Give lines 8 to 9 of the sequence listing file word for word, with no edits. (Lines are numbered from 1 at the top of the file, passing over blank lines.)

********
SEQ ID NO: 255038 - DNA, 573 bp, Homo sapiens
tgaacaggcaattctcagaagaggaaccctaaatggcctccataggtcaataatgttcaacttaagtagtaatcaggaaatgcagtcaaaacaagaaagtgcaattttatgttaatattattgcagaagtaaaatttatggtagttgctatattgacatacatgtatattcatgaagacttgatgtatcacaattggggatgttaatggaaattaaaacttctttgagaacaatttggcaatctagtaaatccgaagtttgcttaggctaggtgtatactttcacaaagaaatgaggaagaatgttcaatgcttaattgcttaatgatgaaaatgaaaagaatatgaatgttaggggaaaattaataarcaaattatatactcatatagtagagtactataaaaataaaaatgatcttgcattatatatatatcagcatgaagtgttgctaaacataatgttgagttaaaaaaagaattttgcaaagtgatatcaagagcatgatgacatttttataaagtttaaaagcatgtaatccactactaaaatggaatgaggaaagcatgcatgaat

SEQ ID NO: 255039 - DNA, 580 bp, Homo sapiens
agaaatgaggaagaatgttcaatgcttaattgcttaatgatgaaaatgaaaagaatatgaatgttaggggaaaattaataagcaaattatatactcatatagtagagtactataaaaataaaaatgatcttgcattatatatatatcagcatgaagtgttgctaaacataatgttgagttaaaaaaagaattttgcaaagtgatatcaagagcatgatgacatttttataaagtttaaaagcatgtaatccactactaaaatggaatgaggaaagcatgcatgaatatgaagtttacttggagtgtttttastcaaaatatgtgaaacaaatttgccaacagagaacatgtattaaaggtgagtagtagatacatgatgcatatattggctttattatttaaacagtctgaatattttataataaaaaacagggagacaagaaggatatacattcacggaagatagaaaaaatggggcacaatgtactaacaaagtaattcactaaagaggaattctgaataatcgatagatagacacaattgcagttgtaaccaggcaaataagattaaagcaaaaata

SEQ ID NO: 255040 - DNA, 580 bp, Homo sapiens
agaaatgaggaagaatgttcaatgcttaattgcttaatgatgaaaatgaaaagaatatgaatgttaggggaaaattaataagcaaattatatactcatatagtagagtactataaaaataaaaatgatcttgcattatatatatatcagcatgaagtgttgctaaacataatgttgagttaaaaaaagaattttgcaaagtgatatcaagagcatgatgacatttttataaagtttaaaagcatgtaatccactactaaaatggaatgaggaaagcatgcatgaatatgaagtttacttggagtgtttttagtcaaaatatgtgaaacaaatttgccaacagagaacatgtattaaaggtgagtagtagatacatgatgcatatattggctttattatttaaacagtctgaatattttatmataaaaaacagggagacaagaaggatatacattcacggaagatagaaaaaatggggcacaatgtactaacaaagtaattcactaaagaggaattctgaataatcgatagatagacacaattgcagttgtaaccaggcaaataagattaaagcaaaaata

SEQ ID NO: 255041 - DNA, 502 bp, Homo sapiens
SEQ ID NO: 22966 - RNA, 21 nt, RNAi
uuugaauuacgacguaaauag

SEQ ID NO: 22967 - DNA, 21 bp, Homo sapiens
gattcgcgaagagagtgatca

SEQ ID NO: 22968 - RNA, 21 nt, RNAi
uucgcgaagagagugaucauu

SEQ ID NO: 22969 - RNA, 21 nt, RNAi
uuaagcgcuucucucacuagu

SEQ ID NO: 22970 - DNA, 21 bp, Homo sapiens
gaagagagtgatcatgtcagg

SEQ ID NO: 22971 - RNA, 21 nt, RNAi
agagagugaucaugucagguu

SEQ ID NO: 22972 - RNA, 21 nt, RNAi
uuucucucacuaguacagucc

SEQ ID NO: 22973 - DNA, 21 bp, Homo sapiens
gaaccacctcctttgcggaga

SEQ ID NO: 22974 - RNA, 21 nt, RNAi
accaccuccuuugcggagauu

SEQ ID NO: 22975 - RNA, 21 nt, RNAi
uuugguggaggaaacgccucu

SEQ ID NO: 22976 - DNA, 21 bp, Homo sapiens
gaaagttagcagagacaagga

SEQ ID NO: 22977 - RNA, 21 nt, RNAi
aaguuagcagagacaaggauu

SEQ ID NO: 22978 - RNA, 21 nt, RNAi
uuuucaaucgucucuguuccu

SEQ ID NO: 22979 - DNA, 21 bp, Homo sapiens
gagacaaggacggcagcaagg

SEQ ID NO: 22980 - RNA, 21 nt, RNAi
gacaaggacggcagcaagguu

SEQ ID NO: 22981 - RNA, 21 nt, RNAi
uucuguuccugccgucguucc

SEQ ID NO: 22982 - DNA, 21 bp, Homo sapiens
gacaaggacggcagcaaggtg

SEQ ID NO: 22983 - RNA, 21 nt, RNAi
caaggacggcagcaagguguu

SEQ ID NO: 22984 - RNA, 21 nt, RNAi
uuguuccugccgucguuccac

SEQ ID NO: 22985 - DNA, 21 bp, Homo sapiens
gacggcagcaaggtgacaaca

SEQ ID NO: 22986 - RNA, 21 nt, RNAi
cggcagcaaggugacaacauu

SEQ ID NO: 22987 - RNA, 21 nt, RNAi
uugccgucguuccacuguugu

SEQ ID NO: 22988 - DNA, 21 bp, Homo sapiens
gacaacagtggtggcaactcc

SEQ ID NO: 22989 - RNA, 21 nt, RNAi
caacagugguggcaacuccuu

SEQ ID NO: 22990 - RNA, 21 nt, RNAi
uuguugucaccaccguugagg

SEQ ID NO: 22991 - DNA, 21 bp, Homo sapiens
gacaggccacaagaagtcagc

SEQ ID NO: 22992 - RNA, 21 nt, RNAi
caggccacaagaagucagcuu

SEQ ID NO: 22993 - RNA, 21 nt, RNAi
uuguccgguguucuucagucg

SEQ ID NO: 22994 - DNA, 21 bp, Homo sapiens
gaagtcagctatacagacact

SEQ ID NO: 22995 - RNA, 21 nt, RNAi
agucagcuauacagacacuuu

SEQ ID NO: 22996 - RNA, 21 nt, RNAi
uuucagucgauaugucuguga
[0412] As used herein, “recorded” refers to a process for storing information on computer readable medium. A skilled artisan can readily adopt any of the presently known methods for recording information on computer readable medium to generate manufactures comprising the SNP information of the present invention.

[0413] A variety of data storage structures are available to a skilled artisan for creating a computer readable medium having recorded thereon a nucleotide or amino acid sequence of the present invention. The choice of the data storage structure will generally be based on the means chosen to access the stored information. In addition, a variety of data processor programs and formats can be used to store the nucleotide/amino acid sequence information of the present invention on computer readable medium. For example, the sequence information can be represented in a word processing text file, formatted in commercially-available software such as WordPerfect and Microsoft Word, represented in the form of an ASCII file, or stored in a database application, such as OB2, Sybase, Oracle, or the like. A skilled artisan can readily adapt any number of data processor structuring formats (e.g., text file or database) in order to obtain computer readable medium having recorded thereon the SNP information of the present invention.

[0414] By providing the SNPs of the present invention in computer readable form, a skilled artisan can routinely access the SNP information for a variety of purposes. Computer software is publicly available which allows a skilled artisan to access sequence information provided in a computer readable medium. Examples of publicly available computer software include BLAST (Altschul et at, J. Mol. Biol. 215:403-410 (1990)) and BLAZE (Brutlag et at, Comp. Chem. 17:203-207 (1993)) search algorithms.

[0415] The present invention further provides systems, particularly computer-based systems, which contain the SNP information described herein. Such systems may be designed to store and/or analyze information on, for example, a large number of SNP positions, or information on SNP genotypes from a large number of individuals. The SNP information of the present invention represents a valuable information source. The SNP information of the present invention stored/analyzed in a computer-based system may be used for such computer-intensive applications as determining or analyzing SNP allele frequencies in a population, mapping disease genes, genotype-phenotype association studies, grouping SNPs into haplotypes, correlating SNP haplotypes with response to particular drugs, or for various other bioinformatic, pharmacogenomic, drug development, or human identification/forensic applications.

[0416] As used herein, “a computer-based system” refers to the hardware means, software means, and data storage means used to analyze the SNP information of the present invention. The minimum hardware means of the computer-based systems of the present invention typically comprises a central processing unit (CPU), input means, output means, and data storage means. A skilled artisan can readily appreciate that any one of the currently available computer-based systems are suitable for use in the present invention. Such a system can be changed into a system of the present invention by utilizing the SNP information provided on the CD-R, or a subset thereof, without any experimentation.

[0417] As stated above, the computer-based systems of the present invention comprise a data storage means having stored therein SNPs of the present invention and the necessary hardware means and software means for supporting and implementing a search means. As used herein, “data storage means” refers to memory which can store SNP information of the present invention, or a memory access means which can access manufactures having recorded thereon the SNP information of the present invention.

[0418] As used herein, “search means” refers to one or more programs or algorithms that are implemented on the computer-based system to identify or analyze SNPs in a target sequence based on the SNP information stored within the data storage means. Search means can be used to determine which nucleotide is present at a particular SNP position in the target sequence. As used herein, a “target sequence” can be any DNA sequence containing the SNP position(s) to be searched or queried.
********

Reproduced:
SEQ ID NO: 22966 - RNA, 21 nt, RNAi
uuugaauuacgacguaaauag